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Multi-Generations in the Workplace: Impact of Perceptions


Mon Nov 10 2014

Multi-Generations in the Workplace: Impact of Perceptions

At no time in our history, have so many and such different generations

with such diversity been asked to work together shoulder to shoulder,


side by side, cubicle to cubicle. 

—Generations at Work, (AMACOM 2013) 

This is the first post in a blog series discussing the diversity and similarities of the various generations in the workplace. The goal is for readers to not only gain awareness of the characteristics and behaviors of each group, but also acknowledge and appreciate the benefits for the individual worker and the organization. 

Most people are aware that today’s workplace consists of multi-generational staff working side by side, managing each other, or serving on the same team or work project. Growing up during different times, experiencing different world events, and being raised with different values and philosophies, however, can sometimes lead to friction among workers—or even serious clashes.  

Clearly, there is a range of perspectives, expectations, work practices, and career statuses present in the workplace. But why do we always seem to focus on the differences between the generations? Instead, let’s concentrate on the commonalities with understanding and acceptance. 


Perceptions influence reactions 

With four generations in the workplace, and a fifth beginning to seek employment, it is vital for people to continue working together effectively and efficiently—rather than emphasize a “we” versus “them” mindset. 

To better understand the other generations, it can help to recognize how they perceive yours. You can start to learn more about your own generation by answering the following questions:

  • How would members of other generations describe yours? For example, if you are from Gen X or Gen Y, you may think that people from the Traditionalist or Boomer generations feel you are disrespectful, dress too informally, or do not have a strong work ethic.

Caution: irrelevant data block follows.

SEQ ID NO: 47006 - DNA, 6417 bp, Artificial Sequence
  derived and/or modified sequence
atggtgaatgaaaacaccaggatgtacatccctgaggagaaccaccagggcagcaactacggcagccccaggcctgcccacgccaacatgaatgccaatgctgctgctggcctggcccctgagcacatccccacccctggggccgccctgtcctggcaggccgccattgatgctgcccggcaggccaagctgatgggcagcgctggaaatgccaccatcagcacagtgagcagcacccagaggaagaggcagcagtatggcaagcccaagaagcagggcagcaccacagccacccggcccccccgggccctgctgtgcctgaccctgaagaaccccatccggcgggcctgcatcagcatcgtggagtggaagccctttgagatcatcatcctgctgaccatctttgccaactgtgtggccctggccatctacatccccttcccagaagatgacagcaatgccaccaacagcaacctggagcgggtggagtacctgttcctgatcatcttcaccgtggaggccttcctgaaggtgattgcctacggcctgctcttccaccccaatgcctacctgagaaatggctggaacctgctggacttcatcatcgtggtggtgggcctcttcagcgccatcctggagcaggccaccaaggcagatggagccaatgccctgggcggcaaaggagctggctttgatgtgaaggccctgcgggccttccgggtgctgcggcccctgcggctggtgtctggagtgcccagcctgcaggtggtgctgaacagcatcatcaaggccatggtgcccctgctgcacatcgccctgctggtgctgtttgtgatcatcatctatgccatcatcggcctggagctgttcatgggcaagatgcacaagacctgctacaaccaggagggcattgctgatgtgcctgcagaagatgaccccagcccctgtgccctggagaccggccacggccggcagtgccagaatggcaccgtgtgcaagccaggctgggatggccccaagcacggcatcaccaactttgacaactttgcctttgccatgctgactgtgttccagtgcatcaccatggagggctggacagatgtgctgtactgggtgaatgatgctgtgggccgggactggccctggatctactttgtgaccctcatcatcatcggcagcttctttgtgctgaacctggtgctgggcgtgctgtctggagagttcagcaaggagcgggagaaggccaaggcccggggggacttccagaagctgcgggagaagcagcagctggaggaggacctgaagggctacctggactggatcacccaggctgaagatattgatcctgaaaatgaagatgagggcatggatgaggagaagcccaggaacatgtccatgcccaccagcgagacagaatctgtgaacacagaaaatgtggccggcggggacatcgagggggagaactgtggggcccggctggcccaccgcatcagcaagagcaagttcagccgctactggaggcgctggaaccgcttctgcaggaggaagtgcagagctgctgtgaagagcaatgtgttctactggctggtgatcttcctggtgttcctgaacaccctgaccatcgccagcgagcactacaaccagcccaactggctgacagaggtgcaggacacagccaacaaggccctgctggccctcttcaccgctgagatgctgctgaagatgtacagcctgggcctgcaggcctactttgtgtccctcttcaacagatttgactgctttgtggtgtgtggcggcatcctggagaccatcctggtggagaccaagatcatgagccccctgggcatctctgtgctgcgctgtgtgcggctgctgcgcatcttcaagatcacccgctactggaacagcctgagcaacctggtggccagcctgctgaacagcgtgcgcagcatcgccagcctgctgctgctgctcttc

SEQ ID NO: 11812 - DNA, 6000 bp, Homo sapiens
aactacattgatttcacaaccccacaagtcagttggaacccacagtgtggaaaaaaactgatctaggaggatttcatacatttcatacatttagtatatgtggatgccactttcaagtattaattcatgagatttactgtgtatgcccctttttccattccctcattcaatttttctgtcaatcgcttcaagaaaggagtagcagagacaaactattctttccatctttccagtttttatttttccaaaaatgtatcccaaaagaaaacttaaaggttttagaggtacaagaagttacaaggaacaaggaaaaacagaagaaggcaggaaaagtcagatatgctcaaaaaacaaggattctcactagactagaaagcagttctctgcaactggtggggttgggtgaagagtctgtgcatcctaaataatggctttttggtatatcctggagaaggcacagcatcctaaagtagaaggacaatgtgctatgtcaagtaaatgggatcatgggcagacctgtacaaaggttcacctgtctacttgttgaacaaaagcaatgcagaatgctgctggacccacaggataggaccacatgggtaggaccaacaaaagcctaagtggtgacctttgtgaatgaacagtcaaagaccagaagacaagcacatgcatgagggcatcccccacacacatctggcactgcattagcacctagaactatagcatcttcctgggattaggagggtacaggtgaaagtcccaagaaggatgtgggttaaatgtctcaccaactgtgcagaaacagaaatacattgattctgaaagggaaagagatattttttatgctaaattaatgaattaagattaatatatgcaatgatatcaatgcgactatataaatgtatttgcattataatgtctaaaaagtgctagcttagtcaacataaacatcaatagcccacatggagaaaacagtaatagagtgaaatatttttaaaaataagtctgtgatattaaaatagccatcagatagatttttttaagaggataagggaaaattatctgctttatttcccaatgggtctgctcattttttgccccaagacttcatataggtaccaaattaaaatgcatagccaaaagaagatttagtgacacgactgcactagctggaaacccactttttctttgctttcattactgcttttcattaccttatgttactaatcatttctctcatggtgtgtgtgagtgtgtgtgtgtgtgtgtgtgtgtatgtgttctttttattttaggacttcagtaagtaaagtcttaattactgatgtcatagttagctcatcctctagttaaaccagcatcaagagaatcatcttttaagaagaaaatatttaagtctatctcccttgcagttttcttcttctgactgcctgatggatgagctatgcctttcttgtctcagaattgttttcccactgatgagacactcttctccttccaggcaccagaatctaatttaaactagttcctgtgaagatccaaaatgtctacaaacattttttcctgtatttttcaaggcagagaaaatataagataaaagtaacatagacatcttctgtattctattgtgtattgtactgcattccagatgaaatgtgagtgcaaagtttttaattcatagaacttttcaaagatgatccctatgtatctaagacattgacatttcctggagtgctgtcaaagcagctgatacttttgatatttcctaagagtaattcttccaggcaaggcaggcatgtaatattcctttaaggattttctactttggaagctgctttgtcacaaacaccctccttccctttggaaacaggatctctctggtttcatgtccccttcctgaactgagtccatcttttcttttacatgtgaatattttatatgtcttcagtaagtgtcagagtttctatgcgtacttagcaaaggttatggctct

• What do you want the other generations to know about yours? For example, if you are from the Boomer generation, you may want the Millennials to know that you are willing to be more flexible about using social media for communication purposes, you are more adaptable than they expect, or that you value continuing learning and development.  

In what ways do your responses say the same thing, but use different language? In what ways do they diverge? What do you think you can do to gain a closer alignment between your responses?  

To gain even more understanding, team members can become mentors to each other to learn about individual generational influences, values, and characteristics. Members of the same team also can conduct support exercises focused on learning what characteristics and behaviors are shared among the generations. 


Bottom line: Workers from all four generations desire many of the same things in the workplace, including respect, flexibility, fairness, and the opportunity to contribute to the organization. It is important to address perceptions of stereotypes that can result in inter-generational misunderstandings, frustration, and conflict—complicating the challenge of maintaining organizational cohesion and effectiveness. Positive perceptions enhance and promote a work environment where people share the same end goals and are motivated to do their best.  

Learning more 

As an L&D specialist, think about how you can contribute to maximizing the productivity and performance of a multi-generational workforce. This will involve much more than knowing the profiles of the “typical” Traditionalist, Boomer, Gen X, and Gen Y worker. 

To learn more strategies and best practices for training and managing a multi-generational workforce, I suggest checking out the following resources: 

  • Burmeister, M., (2008_). From Boomers to Bloggers: Success Strategies Across Generations:_ Fairfax, VA: Synergy Press. 

  • Burmeister, M., (2009_)._ From Boomers to Bloggers: A Practical Guide for Leaders of Multi-Generational Teams, Fairfax, VA: Synergy Press.

  • Johnson, M. & Johnson, L., (2010). Generations, Inc. New York City: AMACOM.

  • Shaw, H., (2013). Sticking Points: How to Get 4 Generations Working Together in the 12 Places They Come Apart, Carol Stream, IL: Tydale House Publishers.

  • Zemke, R., Et al., (2013). G_enerations at Work: Managing the Clash of Boomers. Gen Xers, and Gen Yers in the Workplace,_ New York City: AMACOM. 

The next post in this series will focus on the diversity of communication styles among the generations. All employees, regardless of age, want to work with people who are believable and trustworthy. They want to feel that everyone is “up front” regarding commitments and agreements. Authentic, open, and accepting two-way communications will help senior-level employees remain engaged, and help younger generations commit to the organization’s culture and values and prepare them for future leadership positions.

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